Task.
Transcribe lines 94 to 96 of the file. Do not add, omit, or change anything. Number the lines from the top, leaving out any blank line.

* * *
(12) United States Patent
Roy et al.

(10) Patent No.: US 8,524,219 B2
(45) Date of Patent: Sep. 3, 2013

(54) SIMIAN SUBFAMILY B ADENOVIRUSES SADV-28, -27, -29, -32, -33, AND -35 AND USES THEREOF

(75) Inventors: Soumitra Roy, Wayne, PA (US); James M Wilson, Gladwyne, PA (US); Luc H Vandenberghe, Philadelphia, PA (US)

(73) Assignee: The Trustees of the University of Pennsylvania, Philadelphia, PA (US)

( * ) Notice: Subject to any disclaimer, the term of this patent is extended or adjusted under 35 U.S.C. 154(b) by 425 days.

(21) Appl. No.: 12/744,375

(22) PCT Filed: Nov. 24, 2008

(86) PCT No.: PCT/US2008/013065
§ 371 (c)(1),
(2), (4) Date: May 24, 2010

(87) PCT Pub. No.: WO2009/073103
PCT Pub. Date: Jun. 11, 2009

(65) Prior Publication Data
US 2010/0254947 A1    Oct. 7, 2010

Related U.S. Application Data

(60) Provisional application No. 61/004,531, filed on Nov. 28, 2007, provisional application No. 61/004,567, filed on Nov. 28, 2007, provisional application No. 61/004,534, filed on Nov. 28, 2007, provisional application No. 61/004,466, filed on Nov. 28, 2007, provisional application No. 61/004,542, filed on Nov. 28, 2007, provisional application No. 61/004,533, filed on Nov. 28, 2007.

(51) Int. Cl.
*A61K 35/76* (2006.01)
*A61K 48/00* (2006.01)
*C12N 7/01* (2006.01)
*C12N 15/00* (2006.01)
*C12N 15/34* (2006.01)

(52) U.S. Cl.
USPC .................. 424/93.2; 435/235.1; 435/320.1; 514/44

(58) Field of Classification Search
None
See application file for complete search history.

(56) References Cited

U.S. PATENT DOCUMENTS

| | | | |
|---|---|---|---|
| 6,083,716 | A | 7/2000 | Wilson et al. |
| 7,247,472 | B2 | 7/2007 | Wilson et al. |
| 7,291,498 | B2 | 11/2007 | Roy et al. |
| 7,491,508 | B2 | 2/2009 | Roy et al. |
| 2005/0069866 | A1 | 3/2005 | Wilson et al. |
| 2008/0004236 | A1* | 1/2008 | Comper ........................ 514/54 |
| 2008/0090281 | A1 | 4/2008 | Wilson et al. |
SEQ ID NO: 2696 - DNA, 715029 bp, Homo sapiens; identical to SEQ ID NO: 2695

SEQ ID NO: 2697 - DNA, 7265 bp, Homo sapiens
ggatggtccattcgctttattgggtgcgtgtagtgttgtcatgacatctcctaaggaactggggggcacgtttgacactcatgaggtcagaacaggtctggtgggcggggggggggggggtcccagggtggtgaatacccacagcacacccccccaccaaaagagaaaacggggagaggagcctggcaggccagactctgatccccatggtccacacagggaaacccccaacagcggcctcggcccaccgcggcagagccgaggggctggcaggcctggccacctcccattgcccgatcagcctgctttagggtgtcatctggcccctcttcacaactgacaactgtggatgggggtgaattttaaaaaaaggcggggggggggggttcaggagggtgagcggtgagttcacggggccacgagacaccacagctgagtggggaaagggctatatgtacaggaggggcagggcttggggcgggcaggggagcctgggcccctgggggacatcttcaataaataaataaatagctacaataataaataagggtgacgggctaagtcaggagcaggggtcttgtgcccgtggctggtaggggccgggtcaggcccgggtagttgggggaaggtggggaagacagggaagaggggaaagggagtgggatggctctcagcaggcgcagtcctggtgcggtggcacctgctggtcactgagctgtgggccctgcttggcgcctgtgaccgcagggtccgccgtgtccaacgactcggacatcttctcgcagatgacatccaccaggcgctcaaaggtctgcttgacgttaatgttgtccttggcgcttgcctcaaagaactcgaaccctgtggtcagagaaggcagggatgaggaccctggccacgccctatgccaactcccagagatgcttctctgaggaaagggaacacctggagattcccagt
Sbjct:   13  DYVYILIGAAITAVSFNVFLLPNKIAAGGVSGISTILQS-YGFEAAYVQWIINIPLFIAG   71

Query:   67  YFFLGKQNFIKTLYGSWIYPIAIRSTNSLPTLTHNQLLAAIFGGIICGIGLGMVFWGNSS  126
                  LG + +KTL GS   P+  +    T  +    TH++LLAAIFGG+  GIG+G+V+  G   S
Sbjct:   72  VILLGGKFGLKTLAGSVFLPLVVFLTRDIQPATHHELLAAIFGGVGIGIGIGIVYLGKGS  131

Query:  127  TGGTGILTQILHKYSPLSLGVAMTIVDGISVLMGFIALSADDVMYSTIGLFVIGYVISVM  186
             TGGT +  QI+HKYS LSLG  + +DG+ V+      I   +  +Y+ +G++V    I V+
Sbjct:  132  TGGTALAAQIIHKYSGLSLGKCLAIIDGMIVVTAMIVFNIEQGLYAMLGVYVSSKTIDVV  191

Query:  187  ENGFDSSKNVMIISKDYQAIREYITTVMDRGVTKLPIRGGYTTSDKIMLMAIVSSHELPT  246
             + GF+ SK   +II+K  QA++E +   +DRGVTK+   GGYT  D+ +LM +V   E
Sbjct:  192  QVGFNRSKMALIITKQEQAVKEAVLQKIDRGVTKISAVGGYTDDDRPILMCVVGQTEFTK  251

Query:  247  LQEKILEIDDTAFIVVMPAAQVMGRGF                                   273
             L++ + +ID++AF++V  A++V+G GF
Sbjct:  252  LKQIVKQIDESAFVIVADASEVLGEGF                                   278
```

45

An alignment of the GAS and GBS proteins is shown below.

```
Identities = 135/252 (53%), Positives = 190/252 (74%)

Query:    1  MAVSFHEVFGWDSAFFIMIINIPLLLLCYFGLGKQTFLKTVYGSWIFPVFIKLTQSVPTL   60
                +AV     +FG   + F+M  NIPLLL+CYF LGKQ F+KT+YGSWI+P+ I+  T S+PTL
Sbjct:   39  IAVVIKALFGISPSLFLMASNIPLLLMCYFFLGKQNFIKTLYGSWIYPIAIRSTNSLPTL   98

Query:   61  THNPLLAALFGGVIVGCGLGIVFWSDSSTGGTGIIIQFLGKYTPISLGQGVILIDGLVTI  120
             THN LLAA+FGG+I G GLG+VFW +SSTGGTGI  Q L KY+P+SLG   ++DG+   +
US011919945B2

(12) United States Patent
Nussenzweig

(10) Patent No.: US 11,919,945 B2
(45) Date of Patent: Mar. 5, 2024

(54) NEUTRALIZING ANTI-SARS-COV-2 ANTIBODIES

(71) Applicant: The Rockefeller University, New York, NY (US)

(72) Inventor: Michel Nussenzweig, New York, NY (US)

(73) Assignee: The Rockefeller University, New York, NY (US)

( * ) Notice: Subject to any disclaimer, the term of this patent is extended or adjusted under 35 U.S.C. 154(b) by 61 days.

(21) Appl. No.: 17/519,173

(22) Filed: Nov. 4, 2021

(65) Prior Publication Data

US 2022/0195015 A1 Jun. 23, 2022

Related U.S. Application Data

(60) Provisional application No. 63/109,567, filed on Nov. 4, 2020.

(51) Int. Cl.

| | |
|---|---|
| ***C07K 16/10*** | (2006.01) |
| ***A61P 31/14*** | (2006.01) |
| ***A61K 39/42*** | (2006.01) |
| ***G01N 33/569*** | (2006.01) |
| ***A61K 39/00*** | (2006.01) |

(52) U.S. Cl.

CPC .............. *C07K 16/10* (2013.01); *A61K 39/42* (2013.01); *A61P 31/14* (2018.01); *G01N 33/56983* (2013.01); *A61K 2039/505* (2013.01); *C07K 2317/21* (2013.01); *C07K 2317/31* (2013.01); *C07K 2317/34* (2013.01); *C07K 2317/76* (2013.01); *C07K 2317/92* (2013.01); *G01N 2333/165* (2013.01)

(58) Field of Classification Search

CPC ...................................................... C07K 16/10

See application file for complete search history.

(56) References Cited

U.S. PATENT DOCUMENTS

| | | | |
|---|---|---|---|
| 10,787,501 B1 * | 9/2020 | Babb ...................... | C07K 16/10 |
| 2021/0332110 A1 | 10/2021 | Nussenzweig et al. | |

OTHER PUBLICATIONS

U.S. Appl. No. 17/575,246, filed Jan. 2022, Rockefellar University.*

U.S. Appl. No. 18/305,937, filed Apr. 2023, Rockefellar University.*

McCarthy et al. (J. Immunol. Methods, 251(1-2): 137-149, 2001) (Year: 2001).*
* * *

(58) Field of Classification Search

CPC ...................................................... C07K 16/10

See application file for complete search history.